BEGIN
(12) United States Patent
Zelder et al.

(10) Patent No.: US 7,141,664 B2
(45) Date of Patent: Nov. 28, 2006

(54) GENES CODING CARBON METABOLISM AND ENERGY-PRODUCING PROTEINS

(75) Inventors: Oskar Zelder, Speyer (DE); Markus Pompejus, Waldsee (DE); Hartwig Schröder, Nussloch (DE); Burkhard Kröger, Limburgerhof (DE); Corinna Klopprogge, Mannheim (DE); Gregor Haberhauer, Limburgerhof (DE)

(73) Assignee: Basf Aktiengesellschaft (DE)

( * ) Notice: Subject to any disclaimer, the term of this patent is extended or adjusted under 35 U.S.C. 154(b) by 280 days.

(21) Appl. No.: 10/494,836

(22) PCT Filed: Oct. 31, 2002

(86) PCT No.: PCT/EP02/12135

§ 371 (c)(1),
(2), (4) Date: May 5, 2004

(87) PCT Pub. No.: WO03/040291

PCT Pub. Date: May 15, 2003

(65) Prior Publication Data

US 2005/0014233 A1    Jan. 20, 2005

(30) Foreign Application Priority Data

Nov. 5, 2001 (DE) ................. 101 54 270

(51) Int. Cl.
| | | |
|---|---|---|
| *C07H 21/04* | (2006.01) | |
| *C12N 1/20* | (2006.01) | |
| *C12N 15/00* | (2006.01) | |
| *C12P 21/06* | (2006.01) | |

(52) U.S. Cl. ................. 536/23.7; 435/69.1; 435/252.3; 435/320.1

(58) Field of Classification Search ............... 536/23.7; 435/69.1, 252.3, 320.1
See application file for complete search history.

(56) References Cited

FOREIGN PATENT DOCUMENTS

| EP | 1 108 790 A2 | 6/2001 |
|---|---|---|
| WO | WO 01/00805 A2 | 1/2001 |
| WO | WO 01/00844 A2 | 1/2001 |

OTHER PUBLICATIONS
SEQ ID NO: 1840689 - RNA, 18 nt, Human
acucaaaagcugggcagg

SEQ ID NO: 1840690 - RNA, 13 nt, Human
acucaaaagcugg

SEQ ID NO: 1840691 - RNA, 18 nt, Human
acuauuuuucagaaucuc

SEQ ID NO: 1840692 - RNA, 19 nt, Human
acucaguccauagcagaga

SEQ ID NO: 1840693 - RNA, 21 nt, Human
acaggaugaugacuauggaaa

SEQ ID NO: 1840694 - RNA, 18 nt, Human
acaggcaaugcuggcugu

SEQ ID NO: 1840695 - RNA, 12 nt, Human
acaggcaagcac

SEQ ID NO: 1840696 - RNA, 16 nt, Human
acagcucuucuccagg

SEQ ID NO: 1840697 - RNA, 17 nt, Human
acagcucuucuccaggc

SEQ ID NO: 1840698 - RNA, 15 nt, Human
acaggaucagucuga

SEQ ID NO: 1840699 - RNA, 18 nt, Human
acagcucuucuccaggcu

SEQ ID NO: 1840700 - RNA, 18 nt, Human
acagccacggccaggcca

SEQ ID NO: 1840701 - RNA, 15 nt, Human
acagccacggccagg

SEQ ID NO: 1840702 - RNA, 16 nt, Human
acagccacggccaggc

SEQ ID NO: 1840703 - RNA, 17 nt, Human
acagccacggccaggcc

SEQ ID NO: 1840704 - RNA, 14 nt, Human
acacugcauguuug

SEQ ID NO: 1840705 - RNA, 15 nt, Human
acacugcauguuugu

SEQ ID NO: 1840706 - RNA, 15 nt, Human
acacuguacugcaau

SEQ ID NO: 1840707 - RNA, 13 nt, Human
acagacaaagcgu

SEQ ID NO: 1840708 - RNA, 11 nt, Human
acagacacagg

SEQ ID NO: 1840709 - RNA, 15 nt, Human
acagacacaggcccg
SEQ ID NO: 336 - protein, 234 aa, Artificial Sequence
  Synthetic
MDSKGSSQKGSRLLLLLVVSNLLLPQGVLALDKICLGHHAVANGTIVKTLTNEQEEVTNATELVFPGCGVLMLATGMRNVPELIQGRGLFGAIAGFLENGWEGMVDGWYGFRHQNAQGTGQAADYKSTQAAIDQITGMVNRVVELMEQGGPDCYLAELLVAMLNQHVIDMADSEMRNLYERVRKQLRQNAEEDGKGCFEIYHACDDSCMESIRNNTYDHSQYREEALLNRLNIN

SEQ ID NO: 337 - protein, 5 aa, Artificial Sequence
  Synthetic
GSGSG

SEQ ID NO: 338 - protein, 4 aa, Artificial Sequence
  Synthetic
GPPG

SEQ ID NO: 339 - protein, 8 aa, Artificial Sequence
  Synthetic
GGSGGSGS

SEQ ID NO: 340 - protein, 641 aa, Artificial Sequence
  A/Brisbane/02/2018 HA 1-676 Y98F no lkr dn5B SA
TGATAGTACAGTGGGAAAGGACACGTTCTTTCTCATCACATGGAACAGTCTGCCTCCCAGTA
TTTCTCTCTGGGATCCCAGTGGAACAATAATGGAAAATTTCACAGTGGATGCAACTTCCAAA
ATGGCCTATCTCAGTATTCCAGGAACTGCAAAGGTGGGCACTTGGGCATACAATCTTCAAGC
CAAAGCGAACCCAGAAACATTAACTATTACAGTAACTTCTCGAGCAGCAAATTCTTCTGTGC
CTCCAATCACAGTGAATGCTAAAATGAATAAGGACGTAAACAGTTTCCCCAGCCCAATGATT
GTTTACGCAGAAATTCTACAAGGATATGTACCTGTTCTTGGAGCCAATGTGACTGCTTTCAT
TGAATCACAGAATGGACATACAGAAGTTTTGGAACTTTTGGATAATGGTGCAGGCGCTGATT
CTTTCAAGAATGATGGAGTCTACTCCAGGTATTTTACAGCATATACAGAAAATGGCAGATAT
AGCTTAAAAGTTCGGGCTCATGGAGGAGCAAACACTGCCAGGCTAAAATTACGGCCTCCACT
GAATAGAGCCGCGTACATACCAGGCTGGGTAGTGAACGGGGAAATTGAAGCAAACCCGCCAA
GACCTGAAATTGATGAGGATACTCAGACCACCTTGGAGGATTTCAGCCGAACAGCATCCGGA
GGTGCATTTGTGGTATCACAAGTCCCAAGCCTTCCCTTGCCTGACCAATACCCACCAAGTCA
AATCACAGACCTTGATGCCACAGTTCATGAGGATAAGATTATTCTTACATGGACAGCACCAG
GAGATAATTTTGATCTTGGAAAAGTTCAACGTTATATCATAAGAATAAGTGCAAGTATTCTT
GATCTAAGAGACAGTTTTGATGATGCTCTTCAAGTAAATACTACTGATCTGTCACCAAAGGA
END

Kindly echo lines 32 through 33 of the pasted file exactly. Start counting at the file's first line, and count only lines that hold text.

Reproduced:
| EP | 1 108 790 A2 | 6/2001 |
|---|---|---|